to look into the history of the Tribes, concerning which you seem to be
somewhat misinformed. But it is not worth arguing at present. What
interests us more keenly is the condition that confronts us. Through the
sad ending of Burah Khan, whose body now lies in state in the Mosque of
the Angels, I am suddenly called to the throne. Because of my
inexperience in affairs of state I shall need, as councillors and
advisors, the assistance of all those to whom the welfare of Baluchistan
is dear. Doubtless you love your country, Prince Kasam, and your
European education will have given you broad and intelligent ideas of
modern government. Therefore I value your friendship. Will you become my
vizier, and assist me to rule my people to their greatest good?”

Kasam was astounded. The proposition, coming from one whom he had reason
to consider his greatest foe, was as unexpected as it was impossible.
Moreover, it indicated a weakness of character and lack of sound
judgment in the new ruler that both pleased and encouraged him. Ahmed
was a big and burly fellow, it was true, but he seemed as gentle as a
woman. Evidently a monastery training did not stimulate virility of
mind.

Kasam thought rapidly during the few moments that he stood with downcast
eyes before Ahmed Khan, and his conclusions determined him upon his
course of action. Then, remembering they were not alone, he glanced
toward the table and encountered the physician’s mocking gaze. If Ahmed
was weak, here at least was a strong man. Indignant and alarmed at what
he read in the dark eyes he turned to Abdul, the Sirdar of Ugg, for
reassurance. That white-haired dignitary sat with composed and placid
countenance quietly regarding the khan, whose words and actions alone
seemed to afford him interest.

“What if I refuse?” asked Kasam, sharply, turning again to Ahmed.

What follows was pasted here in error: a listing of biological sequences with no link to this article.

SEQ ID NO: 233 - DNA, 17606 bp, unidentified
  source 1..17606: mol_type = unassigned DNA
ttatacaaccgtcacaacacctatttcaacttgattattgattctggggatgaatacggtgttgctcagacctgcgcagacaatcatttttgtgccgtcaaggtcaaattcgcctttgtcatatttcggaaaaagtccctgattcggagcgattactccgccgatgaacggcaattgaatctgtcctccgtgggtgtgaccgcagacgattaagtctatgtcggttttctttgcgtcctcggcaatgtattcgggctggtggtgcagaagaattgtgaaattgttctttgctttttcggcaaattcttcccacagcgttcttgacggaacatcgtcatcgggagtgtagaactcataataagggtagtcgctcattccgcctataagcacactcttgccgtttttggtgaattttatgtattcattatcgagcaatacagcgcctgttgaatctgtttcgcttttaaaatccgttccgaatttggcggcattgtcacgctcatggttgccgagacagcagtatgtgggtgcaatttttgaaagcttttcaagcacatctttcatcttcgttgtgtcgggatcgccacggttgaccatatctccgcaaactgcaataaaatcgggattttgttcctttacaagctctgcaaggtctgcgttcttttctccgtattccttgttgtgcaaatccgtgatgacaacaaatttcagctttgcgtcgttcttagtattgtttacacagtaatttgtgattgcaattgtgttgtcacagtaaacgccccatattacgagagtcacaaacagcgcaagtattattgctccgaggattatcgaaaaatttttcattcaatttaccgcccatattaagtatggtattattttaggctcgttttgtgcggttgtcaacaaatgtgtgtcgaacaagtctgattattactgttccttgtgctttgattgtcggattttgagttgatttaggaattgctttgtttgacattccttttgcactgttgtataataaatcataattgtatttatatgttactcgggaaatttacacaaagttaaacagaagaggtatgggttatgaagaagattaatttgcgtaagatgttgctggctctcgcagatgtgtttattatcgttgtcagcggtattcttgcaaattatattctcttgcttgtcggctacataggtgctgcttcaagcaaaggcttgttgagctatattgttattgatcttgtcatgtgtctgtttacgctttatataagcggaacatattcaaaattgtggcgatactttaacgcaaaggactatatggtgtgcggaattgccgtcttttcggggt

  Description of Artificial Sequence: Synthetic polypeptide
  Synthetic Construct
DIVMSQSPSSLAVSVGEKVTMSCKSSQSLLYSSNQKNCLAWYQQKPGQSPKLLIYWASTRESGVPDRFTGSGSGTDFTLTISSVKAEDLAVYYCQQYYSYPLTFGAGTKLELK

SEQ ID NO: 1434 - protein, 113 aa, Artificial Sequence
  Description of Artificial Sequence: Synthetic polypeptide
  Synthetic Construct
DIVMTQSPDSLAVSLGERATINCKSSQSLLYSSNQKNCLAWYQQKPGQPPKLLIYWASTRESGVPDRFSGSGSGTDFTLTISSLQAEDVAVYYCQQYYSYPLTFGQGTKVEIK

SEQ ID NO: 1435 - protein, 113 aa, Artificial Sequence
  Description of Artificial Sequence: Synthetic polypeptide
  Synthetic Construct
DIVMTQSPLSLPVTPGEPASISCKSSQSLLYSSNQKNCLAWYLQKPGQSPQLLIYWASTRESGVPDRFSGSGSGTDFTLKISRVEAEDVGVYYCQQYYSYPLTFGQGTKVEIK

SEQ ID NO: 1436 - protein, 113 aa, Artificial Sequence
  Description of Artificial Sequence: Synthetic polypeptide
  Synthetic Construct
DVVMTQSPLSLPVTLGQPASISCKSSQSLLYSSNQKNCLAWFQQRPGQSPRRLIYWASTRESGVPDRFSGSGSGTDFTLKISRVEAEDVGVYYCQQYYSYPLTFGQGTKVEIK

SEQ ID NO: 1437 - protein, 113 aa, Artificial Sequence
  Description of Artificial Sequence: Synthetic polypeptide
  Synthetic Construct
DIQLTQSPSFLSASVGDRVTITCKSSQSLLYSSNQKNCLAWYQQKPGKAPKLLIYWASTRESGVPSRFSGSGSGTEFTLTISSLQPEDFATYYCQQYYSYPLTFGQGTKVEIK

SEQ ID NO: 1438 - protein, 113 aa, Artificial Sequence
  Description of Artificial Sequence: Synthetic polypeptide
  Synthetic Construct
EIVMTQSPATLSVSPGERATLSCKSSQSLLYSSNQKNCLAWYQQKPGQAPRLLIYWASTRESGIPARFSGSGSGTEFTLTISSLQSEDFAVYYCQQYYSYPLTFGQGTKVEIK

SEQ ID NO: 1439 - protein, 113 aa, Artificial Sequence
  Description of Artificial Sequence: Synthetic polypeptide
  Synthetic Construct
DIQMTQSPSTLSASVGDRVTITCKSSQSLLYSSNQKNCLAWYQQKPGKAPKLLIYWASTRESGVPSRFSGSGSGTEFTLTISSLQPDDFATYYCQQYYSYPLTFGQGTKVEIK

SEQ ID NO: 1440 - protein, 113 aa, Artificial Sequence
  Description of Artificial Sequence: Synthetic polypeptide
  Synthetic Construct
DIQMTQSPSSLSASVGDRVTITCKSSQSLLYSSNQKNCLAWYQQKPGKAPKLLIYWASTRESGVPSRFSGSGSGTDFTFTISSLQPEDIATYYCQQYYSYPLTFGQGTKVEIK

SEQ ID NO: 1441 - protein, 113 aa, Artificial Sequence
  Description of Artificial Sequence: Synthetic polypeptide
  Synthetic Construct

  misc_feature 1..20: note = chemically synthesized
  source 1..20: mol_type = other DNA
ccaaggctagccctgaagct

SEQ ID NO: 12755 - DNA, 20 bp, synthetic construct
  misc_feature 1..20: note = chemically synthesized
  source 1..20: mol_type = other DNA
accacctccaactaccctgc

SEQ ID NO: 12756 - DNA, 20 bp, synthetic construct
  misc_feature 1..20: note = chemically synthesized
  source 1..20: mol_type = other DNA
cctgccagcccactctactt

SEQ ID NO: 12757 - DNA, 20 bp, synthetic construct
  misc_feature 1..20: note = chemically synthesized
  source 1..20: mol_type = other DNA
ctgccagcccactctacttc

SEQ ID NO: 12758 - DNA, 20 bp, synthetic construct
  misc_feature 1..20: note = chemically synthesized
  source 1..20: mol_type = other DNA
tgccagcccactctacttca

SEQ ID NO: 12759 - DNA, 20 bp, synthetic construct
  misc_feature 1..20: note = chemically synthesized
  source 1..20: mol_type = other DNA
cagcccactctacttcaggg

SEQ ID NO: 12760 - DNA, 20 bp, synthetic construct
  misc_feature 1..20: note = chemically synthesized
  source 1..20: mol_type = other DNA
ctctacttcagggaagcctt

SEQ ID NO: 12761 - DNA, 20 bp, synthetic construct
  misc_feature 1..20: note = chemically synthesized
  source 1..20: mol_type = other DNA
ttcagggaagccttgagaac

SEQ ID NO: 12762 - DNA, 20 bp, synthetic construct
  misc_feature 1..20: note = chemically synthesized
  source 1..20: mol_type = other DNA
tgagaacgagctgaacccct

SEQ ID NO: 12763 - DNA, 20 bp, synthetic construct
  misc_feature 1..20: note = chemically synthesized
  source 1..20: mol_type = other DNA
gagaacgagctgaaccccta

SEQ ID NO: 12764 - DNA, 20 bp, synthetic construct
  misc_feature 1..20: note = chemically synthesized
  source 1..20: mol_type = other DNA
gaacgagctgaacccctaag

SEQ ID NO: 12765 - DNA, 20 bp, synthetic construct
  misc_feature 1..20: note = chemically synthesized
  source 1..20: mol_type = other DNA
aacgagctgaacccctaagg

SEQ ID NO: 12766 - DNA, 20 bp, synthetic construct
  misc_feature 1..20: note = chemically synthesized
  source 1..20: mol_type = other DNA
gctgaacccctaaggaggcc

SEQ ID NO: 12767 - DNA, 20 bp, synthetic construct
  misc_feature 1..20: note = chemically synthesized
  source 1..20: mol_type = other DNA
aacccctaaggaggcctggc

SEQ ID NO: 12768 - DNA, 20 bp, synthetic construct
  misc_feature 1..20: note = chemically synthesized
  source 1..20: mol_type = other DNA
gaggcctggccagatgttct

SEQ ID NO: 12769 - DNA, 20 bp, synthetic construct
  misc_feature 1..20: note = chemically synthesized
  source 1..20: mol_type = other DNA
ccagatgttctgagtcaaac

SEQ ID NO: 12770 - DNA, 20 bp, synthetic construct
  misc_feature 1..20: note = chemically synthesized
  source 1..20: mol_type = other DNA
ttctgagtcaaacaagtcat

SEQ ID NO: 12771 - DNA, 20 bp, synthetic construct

“Then you will grieve me.”




The Prince smiled contemptuously.

“But you will put me in prison, or assassinate me?”

“Why should I?”

“Because, if you cannot induce me to serve you, it will be wise to get
me out of your way.”

“I cannot believe that,” returned Ahmed, gently. “The conspiracy of your
uncle, Agahr, to place you upon my throne is well known to me, yet I
have not even reproached him for his apparent disloyalty. I can
understand that the heir of former khans would strive to regain his lost
heritage, and your ambition seems to me a natural one. But I am here,
and shall remain. Your adherents are weak and impotent. You could not be
khan unless they were stronger than my own. Because I appreciate your
disappointment I offer you the highest office within my gift. Be my
vizier; trust me as I trust you, and let us be friends.”

“I refuse!”

“Then you may go free, to act as you deem best.”

“Free! I may go free?”

“Assuredly. I owe you that courtesy, even did I fear you, for having
assisted me in the desert. My act may not balance accounts, but it will
be an earnest of my gratitude.”

“Let us cry quits,” said Kasam, eagerly, “and start a new score. For I
warn you, Ahmed Khan, that from this day I will oppose you with all my
might.”

Ahmed bowed. His face showed neither disappointment nor surprise, and as
if he considered the interview at an end he turned again toward the
railing, looking down into the flower beds and shrubbery.

Kasam hesitated, glancing at the other silent witness of the scene. The
Persian was industriously rolling a cigarette. Dirrag stood with legs
astride, evidently admiring his boots. But the sirdar, Abdul, seemed
annoyed, and said to the Khan: